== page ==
According to the Colorado Freedom of Information Coalition, city council must adhere to the following statement, “local public bodies must open meetings of a quorum of three or more members, whichever is fewer, at which public business is discussed or formal action may be taken.” This also applies to electronic communications.
For the violation to occur three city council members would need to discuss public business regarding the “Bazooka Plan” and that puts into question an interpretation of Sandy Daff’s email.
Taking her response, “I typically don’t respond to these group emails.” is a stretch to say she was actively discussing policy on this email chain. Daff could also make the point she didn’t violate any Colorado Sunshine Laws regarding this email because the act of telling others she doesn’t discuss policy on group emails was not public business.
It is clear that Nawrocki and Kaufmann both agreed to this “Bazooka Plan.” And they could see two other council members were recipients on this email.
The reporting done by the Peter Roper is contradictory and misleading calling it an illegal online meeting when he also acknowledges, “only Daff seemed to recognize this was an illegal online council meeting.” Daff didn’t use that term. She only said, she doesn’t respond to mass emails. Daff doesn’t at any point in this conversation or another email conversation, in the document, make a statement on the “Bazooka Plan.”
Roper also left out that Daff, in this email conversation, did not request Severance’s advice nor did she initiate the conversation. And the conversation took place over July 4th weekend so she may not have even seen this exchange until well after Nawrocki and Kaufman responded.
If CC’ing recipients is the benchmark then in this email Barbara Vidmar, Leroy Garcia, Jack Rink, Sam Azad, Gina Dutcher among others also pulled council into an illegal meetings as they also mass emailed city council on various subjects some very benign.
But that’s not what the Colorado Revised Statutes imply. A mass email to elected officials is not an online illegal meeting. When did the illegality occur? At Nawrocki’s response? At Kaufman’s? Or at Daff’s refusal to comment?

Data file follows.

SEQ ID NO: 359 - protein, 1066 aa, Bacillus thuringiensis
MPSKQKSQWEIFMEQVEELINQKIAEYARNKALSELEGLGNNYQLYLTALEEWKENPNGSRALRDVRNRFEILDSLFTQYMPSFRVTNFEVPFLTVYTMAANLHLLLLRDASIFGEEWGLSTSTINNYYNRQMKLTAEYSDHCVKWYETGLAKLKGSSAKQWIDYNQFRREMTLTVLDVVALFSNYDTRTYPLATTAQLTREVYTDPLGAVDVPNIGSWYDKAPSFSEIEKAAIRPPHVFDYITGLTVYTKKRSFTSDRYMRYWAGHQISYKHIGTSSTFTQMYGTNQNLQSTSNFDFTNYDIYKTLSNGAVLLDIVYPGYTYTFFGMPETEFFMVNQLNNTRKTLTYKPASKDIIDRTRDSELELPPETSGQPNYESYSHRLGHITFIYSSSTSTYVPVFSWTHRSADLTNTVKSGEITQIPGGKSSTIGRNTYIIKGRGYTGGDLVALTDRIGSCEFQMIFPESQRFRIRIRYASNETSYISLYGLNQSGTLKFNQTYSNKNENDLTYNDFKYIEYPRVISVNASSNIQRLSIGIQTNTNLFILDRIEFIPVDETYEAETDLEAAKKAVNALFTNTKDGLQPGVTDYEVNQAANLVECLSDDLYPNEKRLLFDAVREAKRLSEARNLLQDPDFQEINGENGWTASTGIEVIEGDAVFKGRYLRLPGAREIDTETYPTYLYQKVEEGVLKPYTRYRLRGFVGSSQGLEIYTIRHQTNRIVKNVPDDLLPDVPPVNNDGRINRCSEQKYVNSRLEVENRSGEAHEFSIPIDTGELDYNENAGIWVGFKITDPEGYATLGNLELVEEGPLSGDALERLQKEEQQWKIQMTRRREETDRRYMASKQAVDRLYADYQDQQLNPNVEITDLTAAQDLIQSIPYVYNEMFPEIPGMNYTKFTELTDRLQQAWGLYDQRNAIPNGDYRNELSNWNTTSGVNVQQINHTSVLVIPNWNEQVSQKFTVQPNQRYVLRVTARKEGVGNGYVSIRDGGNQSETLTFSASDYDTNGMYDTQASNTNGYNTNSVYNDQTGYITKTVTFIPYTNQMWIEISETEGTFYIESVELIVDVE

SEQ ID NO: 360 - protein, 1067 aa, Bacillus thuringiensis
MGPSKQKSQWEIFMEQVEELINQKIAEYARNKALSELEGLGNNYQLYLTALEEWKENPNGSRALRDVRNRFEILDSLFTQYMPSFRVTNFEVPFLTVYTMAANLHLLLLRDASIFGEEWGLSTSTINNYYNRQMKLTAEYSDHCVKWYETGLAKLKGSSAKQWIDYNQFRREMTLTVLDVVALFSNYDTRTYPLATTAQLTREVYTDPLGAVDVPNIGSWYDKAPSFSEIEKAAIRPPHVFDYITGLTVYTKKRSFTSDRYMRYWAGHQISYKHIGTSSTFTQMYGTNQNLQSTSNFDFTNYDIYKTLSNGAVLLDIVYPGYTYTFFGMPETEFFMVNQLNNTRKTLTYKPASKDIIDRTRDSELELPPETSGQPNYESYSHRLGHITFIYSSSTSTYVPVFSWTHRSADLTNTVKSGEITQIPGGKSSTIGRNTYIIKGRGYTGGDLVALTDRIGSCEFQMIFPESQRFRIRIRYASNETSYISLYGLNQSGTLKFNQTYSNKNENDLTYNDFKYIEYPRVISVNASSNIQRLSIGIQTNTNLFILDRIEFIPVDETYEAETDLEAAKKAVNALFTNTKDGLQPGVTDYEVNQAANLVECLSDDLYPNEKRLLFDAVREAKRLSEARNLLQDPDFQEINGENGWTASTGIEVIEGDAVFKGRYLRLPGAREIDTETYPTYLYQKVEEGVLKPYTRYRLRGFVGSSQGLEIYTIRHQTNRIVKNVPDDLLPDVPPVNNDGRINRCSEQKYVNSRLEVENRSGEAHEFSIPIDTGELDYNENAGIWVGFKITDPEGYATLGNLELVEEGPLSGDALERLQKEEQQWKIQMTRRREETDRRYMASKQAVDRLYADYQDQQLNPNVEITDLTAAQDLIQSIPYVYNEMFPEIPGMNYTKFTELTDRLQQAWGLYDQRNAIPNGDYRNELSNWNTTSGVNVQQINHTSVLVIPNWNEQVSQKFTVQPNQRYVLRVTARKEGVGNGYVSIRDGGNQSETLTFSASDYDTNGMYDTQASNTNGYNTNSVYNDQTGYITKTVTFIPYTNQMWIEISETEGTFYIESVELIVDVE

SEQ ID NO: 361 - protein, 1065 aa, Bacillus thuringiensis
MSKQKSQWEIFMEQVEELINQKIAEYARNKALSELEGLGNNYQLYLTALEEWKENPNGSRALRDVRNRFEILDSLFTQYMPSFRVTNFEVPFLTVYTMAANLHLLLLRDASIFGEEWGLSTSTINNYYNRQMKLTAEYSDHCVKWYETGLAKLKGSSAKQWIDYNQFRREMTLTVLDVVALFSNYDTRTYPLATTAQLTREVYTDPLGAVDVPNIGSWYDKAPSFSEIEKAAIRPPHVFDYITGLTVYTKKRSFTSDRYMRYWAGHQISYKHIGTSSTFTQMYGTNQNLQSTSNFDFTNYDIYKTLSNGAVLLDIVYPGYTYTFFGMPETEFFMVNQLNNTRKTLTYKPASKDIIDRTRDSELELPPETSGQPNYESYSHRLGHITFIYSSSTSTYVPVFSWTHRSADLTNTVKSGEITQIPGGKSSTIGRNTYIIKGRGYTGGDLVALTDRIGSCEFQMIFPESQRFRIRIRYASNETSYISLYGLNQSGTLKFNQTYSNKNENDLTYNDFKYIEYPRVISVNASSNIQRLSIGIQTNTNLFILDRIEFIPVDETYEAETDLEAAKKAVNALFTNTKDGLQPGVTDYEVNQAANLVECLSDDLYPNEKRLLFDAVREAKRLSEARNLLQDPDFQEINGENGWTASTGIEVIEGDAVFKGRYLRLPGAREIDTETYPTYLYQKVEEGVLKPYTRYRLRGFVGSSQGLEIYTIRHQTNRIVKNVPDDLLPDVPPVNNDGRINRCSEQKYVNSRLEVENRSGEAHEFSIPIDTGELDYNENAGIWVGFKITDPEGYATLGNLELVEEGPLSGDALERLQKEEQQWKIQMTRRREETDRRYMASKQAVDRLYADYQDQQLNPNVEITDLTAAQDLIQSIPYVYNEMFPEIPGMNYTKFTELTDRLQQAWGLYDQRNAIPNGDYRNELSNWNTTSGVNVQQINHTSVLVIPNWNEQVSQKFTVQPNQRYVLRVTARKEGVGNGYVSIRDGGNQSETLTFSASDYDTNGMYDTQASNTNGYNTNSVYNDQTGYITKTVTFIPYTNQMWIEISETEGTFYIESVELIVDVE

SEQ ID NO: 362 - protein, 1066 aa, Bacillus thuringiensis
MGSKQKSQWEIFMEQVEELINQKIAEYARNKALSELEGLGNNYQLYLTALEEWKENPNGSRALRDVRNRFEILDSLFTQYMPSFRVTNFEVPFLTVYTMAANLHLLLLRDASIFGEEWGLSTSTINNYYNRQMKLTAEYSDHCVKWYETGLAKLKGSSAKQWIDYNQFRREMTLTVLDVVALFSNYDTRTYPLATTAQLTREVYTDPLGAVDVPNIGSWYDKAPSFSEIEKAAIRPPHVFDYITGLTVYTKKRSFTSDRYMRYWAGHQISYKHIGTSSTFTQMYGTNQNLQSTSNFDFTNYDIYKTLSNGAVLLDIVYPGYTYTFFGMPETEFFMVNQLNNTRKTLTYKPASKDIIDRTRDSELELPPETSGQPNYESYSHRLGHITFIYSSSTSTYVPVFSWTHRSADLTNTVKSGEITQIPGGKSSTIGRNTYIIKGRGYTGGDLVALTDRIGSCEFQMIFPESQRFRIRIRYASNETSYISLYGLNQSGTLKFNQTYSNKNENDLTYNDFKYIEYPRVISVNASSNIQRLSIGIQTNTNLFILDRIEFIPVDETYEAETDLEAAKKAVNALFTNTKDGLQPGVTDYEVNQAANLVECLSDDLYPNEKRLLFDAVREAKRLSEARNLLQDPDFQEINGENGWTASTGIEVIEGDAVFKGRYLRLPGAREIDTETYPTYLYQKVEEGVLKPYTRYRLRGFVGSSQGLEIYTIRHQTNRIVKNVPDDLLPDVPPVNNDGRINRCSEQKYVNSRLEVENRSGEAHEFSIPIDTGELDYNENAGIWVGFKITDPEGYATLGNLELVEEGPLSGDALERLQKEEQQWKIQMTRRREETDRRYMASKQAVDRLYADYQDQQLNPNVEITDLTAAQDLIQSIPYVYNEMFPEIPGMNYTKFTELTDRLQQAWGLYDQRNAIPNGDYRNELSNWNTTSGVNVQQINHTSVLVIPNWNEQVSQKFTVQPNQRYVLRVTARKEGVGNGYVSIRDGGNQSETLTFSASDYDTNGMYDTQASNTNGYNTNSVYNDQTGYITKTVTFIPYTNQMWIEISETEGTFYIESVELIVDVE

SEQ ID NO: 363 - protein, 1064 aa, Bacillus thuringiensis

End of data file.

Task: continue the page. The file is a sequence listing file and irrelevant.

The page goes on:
Clearly discussing public action is a violation but Daff never discussed public action. It is highly questionable as a reporter to make this jump and implicate Daff. The paper trail does not support Peter Roper’s conclusion.
According to Jeff Roberts of the Colorado Freedom of Information Coalition as stated in an email to PULP about when a council member enters enter an illegal meeting but not specifically this council.
“Council Members are discussing public business outside of the public’s view is itself unlawful under plain terms of our state statute.” He continues in a statement from CFOIC attorney, “it doesn’t matter if the communication is shared among the three council members through a “daisy chain” meeting by email. He says it’s sometimes called a “constructive quorum.”
That brings into question not Severance’s initial email but Ami Nawrocki’s first response and if she pulled in Chris Kaufman and Sandy Daff into an illegal meeting.
The last serious concern over the illegality of the meeting is whether or not discussing this “Bazooka Plan” was even public business. Public business meaning “policy-making functions, undertaking a rule, regulation, ordinance, or formal action of the public body itself.”
This is a grey area. By July 5th, hiring a trash consultant was already agreed to by council in a 4-3 vote. Severance is advocating that Kaufman, Daff and Nawrocki “light a fire on staff” to accelerate the hiring process for the trash consultant in order to have a study completed before election day. Severance is also advocating that the council changes the scoring requirement for the proposal.
Severance in that same email says that “this is in the hands of the staff to make a recommendation to council.”
What were Kaufman and Nawrocki agreeing to? It’s murky since no city legislation was up for a vote and because selecting candidates for trash consultants was the role of city staff not council. The city attorney’s office or council will need to further clarify if any breach was committed. They will also need to clarify Kaufman’s and Nawrocki’s statements where the two appear to agree to the “work commitment as the top scoring objective of the proposal.”
After reading through 1189 pages, the allegation of an illegal meeting is murky at best and at worst a highly questionable attempt to use Daff’s response to call this illegal.
Updated 4:04pm received response from Jeff Roberts, Executive Director for Colorado FOIC. Bolded.